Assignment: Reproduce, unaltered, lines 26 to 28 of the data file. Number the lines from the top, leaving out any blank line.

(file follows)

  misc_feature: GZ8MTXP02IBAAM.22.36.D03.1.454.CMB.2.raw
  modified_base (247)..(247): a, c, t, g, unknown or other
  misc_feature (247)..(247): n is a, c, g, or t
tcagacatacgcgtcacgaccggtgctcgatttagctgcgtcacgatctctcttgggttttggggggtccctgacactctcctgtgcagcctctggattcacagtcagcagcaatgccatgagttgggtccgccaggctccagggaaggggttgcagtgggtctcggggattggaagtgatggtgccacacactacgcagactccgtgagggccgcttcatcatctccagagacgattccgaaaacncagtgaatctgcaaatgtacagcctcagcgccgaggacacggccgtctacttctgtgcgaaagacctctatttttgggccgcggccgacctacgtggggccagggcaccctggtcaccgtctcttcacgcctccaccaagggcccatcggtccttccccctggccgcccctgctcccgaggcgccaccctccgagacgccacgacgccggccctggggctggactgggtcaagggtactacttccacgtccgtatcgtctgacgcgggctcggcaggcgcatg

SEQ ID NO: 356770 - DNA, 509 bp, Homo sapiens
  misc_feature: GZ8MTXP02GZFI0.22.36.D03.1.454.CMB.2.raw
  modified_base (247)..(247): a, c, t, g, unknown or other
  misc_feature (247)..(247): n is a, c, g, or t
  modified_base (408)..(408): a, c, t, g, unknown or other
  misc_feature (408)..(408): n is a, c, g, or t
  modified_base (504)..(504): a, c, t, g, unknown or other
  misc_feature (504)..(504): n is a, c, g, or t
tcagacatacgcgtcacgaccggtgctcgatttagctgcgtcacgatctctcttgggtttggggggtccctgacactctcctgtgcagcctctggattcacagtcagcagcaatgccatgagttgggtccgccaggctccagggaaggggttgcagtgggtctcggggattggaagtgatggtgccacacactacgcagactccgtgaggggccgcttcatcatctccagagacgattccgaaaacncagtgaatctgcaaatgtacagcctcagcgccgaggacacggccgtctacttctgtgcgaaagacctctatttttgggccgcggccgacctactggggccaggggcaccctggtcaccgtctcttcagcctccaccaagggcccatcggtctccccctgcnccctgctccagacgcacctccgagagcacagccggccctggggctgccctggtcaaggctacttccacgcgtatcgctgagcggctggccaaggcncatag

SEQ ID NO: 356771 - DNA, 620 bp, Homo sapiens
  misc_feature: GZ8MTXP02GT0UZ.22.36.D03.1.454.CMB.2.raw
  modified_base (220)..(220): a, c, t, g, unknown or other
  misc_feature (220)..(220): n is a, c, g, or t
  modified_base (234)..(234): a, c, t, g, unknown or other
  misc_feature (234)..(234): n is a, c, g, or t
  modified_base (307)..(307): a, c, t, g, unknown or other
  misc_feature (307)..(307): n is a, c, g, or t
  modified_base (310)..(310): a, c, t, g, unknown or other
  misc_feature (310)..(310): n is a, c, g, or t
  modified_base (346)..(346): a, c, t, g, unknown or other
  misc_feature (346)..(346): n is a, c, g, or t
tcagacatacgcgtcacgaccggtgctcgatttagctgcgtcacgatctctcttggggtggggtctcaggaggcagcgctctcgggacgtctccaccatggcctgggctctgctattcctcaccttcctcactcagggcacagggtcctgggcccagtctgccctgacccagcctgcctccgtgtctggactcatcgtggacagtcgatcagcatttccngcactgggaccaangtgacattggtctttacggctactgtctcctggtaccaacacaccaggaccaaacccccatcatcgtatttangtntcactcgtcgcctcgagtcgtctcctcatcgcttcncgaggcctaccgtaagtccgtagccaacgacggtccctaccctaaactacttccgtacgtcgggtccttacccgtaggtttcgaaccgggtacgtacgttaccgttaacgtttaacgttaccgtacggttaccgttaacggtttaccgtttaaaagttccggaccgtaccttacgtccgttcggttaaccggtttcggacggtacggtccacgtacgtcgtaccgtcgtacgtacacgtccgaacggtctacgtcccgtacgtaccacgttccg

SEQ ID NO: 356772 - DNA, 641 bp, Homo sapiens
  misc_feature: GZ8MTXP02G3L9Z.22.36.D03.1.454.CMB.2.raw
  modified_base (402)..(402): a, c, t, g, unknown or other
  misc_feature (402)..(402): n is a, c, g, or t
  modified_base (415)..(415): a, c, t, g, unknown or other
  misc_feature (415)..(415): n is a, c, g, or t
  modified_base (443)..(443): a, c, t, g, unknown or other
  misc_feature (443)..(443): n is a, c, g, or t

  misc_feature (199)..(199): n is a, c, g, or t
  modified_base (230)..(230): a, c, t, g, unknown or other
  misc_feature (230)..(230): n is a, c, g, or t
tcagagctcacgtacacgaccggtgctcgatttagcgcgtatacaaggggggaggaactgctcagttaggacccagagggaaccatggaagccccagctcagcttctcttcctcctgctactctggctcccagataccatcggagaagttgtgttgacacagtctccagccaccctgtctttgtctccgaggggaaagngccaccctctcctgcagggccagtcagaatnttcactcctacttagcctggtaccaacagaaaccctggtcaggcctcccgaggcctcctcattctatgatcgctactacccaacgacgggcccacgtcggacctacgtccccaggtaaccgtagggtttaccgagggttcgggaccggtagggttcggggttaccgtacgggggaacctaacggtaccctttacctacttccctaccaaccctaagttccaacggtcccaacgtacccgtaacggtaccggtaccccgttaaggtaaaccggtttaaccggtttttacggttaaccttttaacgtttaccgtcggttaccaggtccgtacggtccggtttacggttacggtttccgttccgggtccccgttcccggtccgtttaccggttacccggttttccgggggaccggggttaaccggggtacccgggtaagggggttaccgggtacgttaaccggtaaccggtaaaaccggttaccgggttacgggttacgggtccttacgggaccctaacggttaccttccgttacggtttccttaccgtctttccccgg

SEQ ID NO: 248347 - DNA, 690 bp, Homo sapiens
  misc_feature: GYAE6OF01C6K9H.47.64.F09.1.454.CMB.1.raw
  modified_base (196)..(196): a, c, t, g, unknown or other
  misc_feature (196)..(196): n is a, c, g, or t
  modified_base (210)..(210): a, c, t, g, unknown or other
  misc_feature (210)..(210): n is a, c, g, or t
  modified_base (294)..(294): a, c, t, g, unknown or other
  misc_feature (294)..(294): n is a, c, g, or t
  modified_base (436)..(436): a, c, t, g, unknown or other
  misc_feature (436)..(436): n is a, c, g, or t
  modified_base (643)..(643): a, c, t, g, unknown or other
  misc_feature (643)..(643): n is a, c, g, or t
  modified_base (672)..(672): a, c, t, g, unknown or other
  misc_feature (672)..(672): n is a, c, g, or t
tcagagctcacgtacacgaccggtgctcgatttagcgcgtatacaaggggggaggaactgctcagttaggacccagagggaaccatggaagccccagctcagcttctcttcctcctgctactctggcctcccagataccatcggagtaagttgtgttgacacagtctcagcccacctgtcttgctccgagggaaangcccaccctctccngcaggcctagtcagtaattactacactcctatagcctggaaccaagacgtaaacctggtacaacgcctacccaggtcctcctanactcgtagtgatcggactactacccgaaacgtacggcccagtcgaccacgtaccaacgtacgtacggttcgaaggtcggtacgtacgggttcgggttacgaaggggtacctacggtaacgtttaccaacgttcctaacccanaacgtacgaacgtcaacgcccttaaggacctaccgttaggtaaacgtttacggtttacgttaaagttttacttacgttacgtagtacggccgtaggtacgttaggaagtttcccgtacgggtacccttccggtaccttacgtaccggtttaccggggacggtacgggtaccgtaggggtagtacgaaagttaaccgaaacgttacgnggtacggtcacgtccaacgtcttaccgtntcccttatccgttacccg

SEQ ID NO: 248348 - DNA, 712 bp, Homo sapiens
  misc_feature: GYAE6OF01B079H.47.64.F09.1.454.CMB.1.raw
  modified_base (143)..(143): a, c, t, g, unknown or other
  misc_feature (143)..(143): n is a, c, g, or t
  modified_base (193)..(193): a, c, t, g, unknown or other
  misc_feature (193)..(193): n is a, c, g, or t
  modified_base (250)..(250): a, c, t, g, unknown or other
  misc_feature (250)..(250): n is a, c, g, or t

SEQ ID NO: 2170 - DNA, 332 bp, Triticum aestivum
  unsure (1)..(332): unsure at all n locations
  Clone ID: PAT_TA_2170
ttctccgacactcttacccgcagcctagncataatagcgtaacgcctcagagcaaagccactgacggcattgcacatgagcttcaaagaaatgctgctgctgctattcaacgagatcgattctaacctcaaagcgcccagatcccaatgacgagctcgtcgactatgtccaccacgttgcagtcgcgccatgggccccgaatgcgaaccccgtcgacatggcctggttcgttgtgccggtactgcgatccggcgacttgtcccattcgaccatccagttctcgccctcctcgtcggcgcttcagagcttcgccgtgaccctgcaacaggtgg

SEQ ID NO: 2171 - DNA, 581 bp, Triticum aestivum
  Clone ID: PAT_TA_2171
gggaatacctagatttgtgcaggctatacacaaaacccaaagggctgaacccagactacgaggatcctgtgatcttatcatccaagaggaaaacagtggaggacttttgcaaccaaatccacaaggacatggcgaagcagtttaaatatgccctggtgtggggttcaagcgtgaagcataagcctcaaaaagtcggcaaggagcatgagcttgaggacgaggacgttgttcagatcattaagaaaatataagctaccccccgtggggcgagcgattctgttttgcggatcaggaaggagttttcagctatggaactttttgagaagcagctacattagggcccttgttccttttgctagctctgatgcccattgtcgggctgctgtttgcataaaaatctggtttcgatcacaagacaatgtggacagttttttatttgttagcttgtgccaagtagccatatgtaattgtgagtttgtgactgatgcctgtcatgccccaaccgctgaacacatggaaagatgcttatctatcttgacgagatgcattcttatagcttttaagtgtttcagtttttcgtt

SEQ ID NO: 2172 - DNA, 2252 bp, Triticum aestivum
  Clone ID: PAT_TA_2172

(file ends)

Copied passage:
tcagacatacgcgtcacgaccggtgctcgatttagctgcgtcacgatctctcttggggtggggtctcaggaggcagcgctctcgggacgtctccaccatggcctgggctctgctattcctcaccttcctcactcagggcacagggtcctgggcccagtctgccctgacccagcctgcctccgtgtctggactcatcgtggacagtcgatcagcatttccngcactgggaccaangtgacattggtctttacggctactgtctcctggtaccaacacaccaggaccaaacccccatcatcgtatttangtntcactcgtcgcctcgagtcgtctcctcatcgcttcncgaggcctaccgtaagtccgtagccaacgacggtccctaccctaaactacttccgtacgtcgggtccttacccgtaggtttcgaaccgggtacgtacgttaccgttaacgtttaacgttaccgtacggttaccgttaacggtttaccgtttaaaagttccggaccgtaccttacgtccgttcggttaaccggtttcggacggtacggtccacgtacgtcgtaccgtcgtacgtacacgtccgaacggtctacgtcccgtacgtaccacgttccg

SEQ ID NO: 356772 - DNA, 641 bp, Homo sapiens
  misc_feature: GZ8MTXP02G3L9Z.22.36.D03.1.454.CMB.2.raw